Steps to Networking – Step 71: Prioritize

Written By Rick Frishman Published April 14th, 2010

STEP 71: Prioritize

Ideally, it’s best to enter contact information in your files as close to the initial meeting as possible. Record it that evening or the first thing the next day. Then communicate with your contact via email or postal mail within two or three days to follow up. Unfortunately, most mere mortals are not that organized, disciplined or efficient. We tend to throw all the contact information we collect into a heap and get to it when we get to it – – – which won’t do!

If you’ve collected a bunch of business cards, prioritize them to determine who you want to call first. Then enter the contact information into your system. Move first to communicate with:

1.Those you promised to call or email. Place the business cards for those you agreed to contact in a separate stack. Then enter their contact information in your files. Make sure to email or call them within the two or three days of your initial contact. By communicating promptly, you demonstrate that you are a person of your word who does what he/she promised and a person of action. Following up promptly also allows you to build upon the warmth or excitement generated by your exchange or the spirit and fond memories of the event.

2. Contacts who could be important to you. Record his/her contact information in your files immediately. Communicate with him/her within a few days, but no later than a week after you met. Most people are flattered when you call them promptly, especially if the initial contact was strong. If you made a good connection, contacts will usually be usually delighted to hear from you and be eager to pick off where you left. Calling promptly will not make you seem desperate or uncool. Besides, it’s childish, and often self-defeating, to try to be cool with people who could matter.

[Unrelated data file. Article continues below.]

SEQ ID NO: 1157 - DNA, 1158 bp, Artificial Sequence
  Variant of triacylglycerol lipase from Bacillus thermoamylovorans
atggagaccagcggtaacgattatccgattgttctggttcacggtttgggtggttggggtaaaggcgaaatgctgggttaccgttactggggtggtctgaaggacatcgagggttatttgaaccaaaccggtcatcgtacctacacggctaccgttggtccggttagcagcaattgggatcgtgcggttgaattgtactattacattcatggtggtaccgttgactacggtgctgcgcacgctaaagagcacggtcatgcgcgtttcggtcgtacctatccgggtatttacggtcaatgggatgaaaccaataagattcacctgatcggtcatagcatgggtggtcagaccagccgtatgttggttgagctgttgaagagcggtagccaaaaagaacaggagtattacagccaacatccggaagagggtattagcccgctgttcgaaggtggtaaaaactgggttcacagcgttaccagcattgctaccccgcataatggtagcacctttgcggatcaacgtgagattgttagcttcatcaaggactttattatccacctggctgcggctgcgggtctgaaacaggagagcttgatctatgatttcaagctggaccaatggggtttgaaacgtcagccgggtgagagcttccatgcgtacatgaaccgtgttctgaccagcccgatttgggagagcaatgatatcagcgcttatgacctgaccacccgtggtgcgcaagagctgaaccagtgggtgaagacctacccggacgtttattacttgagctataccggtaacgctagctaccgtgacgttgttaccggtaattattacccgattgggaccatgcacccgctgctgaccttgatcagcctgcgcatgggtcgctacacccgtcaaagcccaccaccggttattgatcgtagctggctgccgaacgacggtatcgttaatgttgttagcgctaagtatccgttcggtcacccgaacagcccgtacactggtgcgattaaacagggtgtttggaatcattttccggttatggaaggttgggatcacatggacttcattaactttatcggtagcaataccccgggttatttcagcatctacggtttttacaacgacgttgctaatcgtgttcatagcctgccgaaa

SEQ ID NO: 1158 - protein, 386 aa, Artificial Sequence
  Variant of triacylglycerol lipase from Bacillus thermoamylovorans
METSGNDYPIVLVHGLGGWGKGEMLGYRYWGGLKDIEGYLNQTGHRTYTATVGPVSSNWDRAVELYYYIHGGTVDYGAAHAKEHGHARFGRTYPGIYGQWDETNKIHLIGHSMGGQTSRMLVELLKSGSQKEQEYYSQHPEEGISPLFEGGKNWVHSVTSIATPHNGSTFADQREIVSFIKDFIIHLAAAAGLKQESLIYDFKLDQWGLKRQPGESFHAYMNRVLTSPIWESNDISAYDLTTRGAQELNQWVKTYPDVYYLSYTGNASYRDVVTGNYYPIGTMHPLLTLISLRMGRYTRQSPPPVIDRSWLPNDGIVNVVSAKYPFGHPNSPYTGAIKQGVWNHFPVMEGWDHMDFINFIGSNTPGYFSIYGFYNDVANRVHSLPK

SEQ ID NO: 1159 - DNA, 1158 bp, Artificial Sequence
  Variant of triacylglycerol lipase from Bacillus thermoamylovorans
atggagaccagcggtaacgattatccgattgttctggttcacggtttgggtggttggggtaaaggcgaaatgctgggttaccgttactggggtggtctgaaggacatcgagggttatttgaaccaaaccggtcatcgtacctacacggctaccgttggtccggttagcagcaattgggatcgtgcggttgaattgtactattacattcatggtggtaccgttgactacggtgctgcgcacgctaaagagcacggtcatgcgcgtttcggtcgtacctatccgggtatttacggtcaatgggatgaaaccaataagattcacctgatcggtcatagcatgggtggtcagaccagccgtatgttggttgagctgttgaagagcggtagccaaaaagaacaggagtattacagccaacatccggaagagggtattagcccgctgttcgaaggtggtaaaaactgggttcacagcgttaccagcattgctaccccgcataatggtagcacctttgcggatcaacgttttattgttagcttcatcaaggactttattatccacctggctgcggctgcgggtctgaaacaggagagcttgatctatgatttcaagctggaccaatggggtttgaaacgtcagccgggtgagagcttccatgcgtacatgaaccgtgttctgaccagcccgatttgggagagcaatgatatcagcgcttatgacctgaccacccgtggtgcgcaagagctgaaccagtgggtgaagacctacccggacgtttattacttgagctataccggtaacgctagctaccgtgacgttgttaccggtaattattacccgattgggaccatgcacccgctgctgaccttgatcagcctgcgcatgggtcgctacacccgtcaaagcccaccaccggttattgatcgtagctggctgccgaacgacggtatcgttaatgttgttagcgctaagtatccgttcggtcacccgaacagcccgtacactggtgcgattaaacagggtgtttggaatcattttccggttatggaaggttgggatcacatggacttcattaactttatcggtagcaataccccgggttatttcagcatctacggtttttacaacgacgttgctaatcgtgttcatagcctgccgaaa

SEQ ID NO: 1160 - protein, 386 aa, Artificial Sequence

Call soon. After a week or two, memories get buried by the demands of fast-paced, busy lives – – – even when you made the most terrific impression. After two or more weeks, consider yourself lucky to be remembered at all.

Classify the business cards you collect in three categories, the:

• A List. Those whom you promised to call and most want to court. Also include those you should thank.
• B List. Contacts you would like to spend time with again or help, but not immediately and
• C List. People on whose radar screen you wish to remain, but who you don’t want to take time to meet with again, at least not at this time.

Separate your A List into those contacts whom you can help. Focus first on those you can help in order to form the habit of making giving your first priority. By giving first, you build good will and give your contacts a strong reason to remember you and want to reciprocate. Call or email your contact within a week of your introduction to offer your help. Strike while the memory of your introduction is still fresh. If you wait over two weeks, you will essentially be making a cold call.

(Excerpted from NETWORKING MAGIC: Making Connections That Will Change Your Life By Rick Frishman and Jill Lublin With Mark Steisel)


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